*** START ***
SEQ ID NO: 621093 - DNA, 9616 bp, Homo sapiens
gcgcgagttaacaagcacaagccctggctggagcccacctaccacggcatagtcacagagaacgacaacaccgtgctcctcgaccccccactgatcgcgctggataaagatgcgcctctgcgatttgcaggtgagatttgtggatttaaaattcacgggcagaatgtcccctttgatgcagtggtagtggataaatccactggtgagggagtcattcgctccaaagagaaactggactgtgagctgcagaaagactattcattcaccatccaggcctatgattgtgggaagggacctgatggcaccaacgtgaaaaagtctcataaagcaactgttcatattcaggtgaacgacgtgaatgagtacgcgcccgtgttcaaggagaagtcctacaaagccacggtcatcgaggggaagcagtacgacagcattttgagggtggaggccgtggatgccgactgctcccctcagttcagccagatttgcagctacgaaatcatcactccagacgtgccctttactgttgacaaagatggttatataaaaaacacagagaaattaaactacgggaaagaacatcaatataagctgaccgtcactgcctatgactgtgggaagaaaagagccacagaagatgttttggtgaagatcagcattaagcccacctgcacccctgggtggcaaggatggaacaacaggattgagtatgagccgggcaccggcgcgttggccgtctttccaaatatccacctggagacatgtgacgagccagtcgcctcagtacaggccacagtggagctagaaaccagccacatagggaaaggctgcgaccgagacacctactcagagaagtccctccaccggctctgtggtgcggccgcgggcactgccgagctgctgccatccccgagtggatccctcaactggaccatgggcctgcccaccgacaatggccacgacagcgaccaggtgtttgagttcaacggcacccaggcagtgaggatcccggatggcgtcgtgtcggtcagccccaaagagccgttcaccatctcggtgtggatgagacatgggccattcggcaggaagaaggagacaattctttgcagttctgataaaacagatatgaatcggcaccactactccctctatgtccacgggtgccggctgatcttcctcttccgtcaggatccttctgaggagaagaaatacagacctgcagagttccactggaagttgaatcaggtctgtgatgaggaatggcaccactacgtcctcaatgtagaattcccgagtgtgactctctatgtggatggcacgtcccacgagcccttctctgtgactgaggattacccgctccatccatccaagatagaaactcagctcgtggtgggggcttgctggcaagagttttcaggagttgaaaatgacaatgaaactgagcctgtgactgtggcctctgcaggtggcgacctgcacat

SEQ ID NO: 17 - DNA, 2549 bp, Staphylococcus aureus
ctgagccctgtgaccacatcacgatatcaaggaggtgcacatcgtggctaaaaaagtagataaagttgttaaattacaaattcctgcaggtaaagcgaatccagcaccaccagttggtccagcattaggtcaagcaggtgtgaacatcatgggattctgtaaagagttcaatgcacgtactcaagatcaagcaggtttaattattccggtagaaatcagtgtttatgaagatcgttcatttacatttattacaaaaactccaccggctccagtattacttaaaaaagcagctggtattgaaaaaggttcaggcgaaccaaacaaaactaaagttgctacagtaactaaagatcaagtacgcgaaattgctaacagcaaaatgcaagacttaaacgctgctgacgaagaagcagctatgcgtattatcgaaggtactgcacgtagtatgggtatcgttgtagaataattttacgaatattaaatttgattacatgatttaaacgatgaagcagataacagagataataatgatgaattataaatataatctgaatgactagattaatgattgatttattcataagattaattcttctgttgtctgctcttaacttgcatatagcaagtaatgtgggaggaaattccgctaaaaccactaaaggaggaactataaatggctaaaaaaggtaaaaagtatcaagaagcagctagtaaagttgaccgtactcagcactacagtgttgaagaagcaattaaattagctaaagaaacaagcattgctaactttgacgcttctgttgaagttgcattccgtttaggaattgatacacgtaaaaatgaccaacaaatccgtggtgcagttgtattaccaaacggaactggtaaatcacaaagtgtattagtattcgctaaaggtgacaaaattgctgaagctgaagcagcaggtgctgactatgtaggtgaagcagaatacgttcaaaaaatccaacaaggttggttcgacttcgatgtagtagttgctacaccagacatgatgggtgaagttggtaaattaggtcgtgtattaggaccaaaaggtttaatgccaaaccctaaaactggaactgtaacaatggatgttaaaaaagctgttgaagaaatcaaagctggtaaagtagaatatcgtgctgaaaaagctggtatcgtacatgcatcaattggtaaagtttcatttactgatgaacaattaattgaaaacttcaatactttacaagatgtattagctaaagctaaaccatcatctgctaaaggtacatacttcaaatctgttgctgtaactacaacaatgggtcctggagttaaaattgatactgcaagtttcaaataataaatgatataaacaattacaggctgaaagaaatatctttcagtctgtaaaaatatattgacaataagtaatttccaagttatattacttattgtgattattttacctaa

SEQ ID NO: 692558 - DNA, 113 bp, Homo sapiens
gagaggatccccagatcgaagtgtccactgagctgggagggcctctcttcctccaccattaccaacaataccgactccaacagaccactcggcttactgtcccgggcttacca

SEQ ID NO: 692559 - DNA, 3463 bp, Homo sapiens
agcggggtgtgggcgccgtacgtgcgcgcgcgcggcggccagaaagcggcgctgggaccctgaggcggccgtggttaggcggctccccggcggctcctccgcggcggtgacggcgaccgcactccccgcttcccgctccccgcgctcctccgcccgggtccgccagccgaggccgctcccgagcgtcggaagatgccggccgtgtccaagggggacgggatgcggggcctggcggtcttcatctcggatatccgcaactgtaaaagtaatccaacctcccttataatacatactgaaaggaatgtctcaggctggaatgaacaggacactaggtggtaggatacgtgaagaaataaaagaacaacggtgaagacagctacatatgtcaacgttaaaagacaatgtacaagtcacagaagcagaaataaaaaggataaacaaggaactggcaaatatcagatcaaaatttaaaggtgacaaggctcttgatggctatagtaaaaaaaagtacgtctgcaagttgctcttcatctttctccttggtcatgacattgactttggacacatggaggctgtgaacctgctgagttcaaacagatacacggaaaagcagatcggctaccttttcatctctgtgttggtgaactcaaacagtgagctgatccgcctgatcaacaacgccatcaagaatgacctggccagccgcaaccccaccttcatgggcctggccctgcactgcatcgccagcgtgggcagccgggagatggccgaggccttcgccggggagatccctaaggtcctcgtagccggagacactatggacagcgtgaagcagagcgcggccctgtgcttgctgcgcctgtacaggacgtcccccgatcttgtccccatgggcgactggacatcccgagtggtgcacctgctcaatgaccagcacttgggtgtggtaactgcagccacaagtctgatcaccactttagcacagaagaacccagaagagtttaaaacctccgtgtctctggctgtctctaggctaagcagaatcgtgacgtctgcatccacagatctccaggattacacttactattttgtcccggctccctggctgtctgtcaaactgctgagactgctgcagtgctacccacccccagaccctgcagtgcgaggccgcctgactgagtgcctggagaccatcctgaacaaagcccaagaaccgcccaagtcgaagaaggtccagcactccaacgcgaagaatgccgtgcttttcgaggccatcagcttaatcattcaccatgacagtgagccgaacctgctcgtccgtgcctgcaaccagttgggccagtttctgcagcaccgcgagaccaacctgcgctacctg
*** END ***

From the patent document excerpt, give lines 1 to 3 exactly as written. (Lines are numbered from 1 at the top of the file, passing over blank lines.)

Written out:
SEQ ID NO: 621093 - DNA, 9616 bp, Homo sapiens
gcgcgagttaacaagcacaagccctggctggagcccacctaccacggcatagtcacagagaacgacaacaccgtgctcctcgaccccccactgatcgcgctggataaagatgcgcctctgcgatttgcaggtgagatttgtggatttaaaattcacgggcagaatgtcccctttgatgcagtggtagtggataaatccactggtgagggagtcattcgctccaaagagaaactggactgtgagctgcagaaagactattcattcaccatccaggcctatgattgtgggaagggacctgatggcaccaacgtgaaaaagtctcataaagcaactgttcatattcaggtgaacgacgtgaatgagtacgcgcccgtgttcaaggagaagtcctacaaagccacggtcatcgaggggaagcagtacgacagcattttgagggtggaggccgtggatgccgactgctcccctcagttcagccagatttgcagctacgaaatcatcactccagacgtgccctttactgttgacaaagatggttatataaaaaacacagagaaattaaactacgggaaagaacatcaatataagctgaccgtcactgcctatgactgtgggaagaaaagagccacagaagatgttttggtgaagatcagcattaagcccacctgcacccctgggtggcaaggatggaacaacaggattgagtatgagccgggcaccggcgcgttggccgtctttccaaatatccacctggagacatgtgacgagccagtcgcctcagtacaggccacagtggagctagaaaccagccacatagggaaaggctgcgaccgagacacctactcagagaagtccctccaccggctctgtggtgcggccgcgggcactgccgagctgctgccatccccgagtggatccctcaactggaccatgggcctgcccaccgacaatggccacgacagcgaccaggtgtttgagttcaacggcacccaggcagtgaggatcccggatggcgtcgtgtcggtcagccccaaagagccgttcaccatctcggtgtggatgagacatgggccattcggcaggaagaaggagacaattctttgcagttctgataaaacagatatgaatcggcaccactactccctctatgtccacgggtgccggctgatcttcctcttccgtcaggatccttctgaggagaagaaatacagacctgcagagttccactggaagttgaatcaggtctgtgatgaggaatggcaccactacgtcctcaatgtagaattcccgagtgtgactctctatgtggatggcacgtcccacgagcccttctctgtgactgaggattacccgctccatccatccaagatagaaactcagctcgtggtgggggcttgctggcaagagttttcaggagttgaaaatgacaatgaaactgagcctgtgactgtggcctctgcaggtggcgacctgcacat

SEQ ID NO: 17 - DNA, 2549 bp, Staphylococcus aureus